Supplements warning: Dietary pills can interfere with medication warns Oxford University

Dr Zoe reveals which supplements to take

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“If the finding is replicated, it suggests that doctors may need to find alternative treatments for depression in women with bipolar disorder considering having a child. More broadly it also emphasises the need to consider the role that diet can play in influencing how patients respond to drugs.”

Professor Tunbridge said Oxford’s study was not the first to draw a link between dietary supplements and their impact on prescription drugs.

What was notable about the impact of folic acid on these mental health patients was, said Tunbridge, that it made patient’s symptoms worse.

“This surprising result raises the possibility that there are many other foods and supplements that may influence the effects of prescribed drugs.”

While these findings may appear worrying, it could have some positive consequences.

By finding out to what extent dietary changes affect the impact of prescribed drugs, doctors can tailor an individual’s diet to each medication so that it works most effectively for the duration of the prescription.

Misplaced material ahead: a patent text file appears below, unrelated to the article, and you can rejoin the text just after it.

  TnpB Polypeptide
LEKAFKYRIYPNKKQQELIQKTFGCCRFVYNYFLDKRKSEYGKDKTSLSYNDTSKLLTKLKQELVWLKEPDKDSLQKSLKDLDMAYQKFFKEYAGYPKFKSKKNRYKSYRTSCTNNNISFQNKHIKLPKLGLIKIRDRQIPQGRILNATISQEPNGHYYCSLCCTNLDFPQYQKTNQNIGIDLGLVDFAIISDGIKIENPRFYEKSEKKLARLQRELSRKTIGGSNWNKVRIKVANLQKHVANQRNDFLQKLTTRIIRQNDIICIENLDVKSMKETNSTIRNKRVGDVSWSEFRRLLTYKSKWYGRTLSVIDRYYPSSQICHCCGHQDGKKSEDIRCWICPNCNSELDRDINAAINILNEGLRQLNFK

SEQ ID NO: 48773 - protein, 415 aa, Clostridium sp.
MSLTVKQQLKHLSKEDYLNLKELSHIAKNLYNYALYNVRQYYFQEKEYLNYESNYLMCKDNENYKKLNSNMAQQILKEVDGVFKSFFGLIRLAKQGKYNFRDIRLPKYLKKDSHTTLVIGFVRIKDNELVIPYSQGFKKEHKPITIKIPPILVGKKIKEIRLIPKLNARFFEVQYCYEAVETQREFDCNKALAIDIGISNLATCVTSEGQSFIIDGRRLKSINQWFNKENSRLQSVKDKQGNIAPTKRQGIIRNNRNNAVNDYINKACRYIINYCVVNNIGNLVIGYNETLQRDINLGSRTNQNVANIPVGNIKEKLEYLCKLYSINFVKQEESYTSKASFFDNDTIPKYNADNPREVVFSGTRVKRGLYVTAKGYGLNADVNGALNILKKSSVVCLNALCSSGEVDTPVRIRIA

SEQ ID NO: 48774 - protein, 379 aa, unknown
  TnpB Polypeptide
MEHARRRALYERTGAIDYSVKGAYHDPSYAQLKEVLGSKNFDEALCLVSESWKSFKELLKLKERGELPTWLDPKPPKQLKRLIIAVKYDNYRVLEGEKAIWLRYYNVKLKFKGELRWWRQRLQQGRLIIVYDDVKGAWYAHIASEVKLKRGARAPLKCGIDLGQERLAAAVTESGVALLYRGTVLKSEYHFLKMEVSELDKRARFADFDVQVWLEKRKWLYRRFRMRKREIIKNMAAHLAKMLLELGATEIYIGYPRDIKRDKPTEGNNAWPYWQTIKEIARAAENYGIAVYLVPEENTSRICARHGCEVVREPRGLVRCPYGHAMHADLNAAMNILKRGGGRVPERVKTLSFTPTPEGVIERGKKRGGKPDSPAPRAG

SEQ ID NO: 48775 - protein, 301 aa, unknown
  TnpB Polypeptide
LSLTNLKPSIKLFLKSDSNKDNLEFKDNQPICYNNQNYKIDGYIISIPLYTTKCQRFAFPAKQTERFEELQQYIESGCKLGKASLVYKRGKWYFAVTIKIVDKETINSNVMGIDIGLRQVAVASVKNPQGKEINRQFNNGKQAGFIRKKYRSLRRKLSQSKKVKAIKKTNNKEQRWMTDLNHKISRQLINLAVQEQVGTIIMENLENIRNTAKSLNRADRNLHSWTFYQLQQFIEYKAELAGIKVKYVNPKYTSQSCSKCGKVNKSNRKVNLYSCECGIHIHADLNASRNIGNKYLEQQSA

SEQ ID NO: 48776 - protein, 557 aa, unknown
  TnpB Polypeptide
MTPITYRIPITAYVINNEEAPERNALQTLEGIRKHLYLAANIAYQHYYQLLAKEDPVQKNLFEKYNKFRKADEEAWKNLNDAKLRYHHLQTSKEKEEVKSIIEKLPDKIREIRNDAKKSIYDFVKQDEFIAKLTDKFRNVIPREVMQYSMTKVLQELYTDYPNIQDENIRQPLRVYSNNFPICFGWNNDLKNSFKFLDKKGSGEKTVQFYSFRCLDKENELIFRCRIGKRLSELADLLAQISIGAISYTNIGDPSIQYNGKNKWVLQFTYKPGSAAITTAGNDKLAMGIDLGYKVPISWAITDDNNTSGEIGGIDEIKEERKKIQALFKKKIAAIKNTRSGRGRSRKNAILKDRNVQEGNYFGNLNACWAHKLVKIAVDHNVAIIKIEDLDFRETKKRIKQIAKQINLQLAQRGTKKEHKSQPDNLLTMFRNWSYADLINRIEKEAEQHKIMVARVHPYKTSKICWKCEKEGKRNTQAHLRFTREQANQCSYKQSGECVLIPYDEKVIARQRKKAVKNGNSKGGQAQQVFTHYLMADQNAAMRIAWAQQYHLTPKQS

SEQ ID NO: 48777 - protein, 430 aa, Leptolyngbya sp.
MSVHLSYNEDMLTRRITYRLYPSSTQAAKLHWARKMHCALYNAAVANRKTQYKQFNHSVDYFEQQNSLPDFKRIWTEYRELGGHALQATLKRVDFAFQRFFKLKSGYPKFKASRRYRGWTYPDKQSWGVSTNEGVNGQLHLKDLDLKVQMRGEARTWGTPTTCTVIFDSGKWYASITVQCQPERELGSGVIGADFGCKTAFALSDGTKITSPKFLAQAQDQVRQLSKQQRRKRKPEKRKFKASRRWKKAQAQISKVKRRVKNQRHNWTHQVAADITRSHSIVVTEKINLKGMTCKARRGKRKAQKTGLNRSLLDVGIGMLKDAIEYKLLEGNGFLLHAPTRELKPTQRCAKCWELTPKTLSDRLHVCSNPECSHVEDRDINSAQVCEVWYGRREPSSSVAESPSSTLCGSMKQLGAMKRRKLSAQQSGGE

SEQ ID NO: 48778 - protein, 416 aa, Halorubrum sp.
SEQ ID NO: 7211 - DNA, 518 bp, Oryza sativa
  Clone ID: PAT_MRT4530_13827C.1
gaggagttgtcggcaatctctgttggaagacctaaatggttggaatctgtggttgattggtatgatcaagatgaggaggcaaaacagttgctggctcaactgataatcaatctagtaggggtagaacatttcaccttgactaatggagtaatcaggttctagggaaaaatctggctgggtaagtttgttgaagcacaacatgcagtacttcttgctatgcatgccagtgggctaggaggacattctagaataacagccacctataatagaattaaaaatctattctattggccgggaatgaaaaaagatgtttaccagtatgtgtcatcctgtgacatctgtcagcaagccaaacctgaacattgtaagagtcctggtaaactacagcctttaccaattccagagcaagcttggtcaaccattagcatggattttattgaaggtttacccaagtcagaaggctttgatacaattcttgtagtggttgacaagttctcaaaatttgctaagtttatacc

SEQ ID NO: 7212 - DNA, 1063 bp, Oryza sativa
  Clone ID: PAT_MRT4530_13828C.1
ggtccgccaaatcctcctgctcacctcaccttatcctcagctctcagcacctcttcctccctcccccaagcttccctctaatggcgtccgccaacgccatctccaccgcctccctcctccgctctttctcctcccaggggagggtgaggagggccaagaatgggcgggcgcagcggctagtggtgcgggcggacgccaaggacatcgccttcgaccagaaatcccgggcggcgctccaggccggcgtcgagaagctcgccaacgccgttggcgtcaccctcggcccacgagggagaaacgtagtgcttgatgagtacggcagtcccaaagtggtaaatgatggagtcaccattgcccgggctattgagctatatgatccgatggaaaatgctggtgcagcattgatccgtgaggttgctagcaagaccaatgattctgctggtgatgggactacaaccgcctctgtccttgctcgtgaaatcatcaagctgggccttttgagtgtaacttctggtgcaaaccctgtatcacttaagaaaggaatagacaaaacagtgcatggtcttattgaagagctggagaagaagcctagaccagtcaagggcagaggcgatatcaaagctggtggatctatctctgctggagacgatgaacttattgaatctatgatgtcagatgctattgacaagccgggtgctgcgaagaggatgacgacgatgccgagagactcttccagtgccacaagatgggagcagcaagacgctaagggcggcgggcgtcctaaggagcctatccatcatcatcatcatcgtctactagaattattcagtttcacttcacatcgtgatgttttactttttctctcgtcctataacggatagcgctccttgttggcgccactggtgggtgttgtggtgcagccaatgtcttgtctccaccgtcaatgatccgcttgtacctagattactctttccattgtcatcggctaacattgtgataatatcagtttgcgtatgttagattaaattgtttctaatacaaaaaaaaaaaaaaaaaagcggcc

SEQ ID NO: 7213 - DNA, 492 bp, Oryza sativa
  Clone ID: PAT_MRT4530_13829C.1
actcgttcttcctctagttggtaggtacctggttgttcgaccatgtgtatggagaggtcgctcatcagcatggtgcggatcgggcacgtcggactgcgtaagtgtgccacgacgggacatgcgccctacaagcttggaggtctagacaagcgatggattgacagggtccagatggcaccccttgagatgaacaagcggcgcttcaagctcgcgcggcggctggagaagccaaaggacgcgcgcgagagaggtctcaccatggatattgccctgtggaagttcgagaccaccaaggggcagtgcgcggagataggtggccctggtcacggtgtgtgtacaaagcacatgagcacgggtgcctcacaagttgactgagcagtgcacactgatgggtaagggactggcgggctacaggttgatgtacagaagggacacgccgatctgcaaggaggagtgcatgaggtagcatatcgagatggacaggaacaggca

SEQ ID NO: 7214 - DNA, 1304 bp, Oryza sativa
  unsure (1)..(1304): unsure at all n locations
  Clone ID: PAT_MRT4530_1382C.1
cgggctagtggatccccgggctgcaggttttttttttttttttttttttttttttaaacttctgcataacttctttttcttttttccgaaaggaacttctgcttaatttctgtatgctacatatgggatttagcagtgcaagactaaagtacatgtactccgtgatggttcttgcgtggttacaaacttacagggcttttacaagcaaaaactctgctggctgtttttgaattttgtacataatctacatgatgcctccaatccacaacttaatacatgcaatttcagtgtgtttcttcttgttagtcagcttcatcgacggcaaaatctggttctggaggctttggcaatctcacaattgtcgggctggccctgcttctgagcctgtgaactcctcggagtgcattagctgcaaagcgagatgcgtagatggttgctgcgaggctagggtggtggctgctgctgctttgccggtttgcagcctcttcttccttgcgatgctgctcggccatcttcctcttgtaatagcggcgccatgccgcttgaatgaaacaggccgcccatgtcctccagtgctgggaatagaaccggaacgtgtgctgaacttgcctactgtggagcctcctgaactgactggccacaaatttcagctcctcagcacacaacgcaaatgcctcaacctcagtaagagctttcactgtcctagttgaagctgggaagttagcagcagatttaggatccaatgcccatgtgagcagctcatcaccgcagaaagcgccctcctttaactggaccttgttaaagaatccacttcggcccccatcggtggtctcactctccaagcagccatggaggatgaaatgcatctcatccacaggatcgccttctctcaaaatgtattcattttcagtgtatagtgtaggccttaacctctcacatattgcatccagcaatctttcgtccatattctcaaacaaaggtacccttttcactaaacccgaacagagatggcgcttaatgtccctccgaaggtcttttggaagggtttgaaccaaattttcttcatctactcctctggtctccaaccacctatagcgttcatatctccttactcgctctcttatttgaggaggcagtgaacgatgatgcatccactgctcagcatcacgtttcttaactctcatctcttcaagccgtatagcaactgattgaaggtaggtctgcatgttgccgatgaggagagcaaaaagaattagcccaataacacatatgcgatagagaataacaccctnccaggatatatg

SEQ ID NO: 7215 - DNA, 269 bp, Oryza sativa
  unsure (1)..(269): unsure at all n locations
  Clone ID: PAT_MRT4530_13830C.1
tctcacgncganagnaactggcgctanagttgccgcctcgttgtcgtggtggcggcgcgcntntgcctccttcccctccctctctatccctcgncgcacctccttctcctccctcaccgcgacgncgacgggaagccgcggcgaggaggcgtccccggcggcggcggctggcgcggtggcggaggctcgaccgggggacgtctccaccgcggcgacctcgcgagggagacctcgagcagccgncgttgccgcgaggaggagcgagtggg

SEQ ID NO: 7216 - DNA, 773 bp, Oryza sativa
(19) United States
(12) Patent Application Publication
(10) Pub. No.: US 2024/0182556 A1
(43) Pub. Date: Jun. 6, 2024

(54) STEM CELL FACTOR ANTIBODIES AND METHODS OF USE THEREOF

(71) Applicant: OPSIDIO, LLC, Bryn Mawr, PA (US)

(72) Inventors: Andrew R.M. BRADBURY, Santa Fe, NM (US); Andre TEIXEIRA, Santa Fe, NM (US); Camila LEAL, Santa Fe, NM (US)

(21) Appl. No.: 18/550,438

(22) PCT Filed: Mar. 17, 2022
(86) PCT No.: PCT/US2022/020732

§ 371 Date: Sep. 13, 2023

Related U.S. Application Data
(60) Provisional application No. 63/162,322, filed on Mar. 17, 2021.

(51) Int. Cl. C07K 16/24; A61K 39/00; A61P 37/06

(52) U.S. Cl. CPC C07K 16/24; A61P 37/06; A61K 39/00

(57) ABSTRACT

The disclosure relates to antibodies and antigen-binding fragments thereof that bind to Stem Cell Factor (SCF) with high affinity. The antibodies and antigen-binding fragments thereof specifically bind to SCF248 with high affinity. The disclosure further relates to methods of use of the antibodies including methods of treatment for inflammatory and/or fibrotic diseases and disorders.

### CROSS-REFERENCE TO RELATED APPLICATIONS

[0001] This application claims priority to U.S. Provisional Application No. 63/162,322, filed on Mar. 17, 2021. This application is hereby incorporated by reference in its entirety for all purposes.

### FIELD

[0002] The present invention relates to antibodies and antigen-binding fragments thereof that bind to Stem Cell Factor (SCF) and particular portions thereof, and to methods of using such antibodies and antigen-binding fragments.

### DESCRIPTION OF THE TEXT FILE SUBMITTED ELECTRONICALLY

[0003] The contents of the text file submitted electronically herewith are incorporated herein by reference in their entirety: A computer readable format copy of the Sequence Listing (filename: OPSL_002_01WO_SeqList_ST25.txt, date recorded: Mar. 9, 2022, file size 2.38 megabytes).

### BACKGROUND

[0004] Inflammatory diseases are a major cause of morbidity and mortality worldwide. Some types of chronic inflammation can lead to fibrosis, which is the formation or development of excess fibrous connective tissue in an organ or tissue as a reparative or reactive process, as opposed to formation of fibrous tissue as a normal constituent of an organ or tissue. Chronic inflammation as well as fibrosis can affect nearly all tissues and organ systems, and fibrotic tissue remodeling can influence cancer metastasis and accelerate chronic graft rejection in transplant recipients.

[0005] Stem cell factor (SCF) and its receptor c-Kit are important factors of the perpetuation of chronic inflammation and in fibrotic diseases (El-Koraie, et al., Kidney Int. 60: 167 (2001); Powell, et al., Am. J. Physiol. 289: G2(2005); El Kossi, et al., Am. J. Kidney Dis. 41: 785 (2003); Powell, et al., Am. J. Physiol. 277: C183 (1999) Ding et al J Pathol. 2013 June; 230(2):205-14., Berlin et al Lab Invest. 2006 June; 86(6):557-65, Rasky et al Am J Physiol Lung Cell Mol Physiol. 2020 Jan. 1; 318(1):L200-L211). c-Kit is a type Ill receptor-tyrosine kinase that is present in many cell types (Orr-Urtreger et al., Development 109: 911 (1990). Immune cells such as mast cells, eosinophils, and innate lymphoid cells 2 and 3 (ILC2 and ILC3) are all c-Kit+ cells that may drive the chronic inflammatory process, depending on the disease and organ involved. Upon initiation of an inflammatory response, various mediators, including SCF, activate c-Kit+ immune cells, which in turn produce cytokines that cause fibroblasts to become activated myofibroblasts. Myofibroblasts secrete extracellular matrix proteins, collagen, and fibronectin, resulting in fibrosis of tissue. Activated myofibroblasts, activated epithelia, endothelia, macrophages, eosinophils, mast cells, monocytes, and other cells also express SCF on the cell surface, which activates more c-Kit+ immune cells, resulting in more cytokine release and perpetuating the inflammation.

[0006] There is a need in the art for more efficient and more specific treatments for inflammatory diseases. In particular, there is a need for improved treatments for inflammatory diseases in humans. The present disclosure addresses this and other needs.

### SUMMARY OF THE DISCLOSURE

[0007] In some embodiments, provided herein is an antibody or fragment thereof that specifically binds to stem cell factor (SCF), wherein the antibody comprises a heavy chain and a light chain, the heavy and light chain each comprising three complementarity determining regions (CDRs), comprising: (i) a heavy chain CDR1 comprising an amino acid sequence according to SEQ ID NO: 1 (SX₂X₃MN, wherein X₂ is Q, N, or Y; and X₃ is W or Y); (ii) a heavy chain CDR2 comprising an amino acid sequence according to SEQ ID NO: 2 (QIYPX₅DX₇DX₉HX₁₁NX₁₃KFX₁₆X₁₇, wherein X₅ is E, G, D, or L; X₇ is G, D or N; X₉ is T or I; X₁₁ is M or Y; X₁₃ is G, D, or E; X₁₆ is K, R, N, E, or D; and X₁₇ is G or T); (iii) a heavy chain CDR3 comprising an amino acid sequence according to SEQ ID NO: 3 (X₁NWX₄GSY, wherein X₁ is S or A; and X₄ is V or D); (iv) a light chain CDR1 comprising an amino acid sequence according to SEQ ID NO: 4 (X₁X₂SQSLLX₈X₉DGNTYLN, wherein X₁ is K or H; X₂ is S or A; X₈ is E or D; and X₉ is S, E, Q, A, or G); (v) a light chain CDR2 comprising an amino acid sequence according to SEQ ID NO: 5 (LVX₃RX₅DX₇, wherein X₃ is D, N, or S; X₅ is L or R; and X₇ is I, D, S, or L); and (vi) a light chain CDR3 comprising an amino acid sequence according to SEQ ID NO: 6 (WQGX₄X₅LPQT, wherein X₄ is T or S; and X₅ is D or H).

Folic acid’s relationship and impact on other medications is not new.

The NHS website cautions: “There are some medicines that may interfere with how folic acid works. Folic acid can also affect the way other medicines work.”

The NHS suggests, for example, that folic acid should not be taken within two hours, before or after, of consuming remedies for indigestion as they may prevent the absorption of folic acid.

Furthermore, it is recommended that an individual should inform a doctor if they’re taking selected medicines before they start taking folic acid.

Information about the medicines concerned can be found here.

Additionally, the NHS also advises that folic acid can also have an impact on the effectiveness of herbal remedies.

Folic acid is not suitable for use by everyone.

It’s important that a GP is informed if an individual has had an allergic reaction to folic acid or other medicine, if they have low vitamin B12 levels, cancer, a type of kidney dialysis known as haemodialysis or a stent in their heart.

Dosage for folic acid will depend on the nature of the condition and the presence of other conditions.

Side effects are also possible with folic acid.

Nausea, loss of appetite, bloating, or wind are potential side effects an individual may experience.

In more serious cases folic acid can cause a serious allergic reaction known as anaphylaxis.

A full list of side effects will be listed on the information leaflet that comes with each packet of the supplement.

For more information about folic acid, contact the NHS or consult with your GP.

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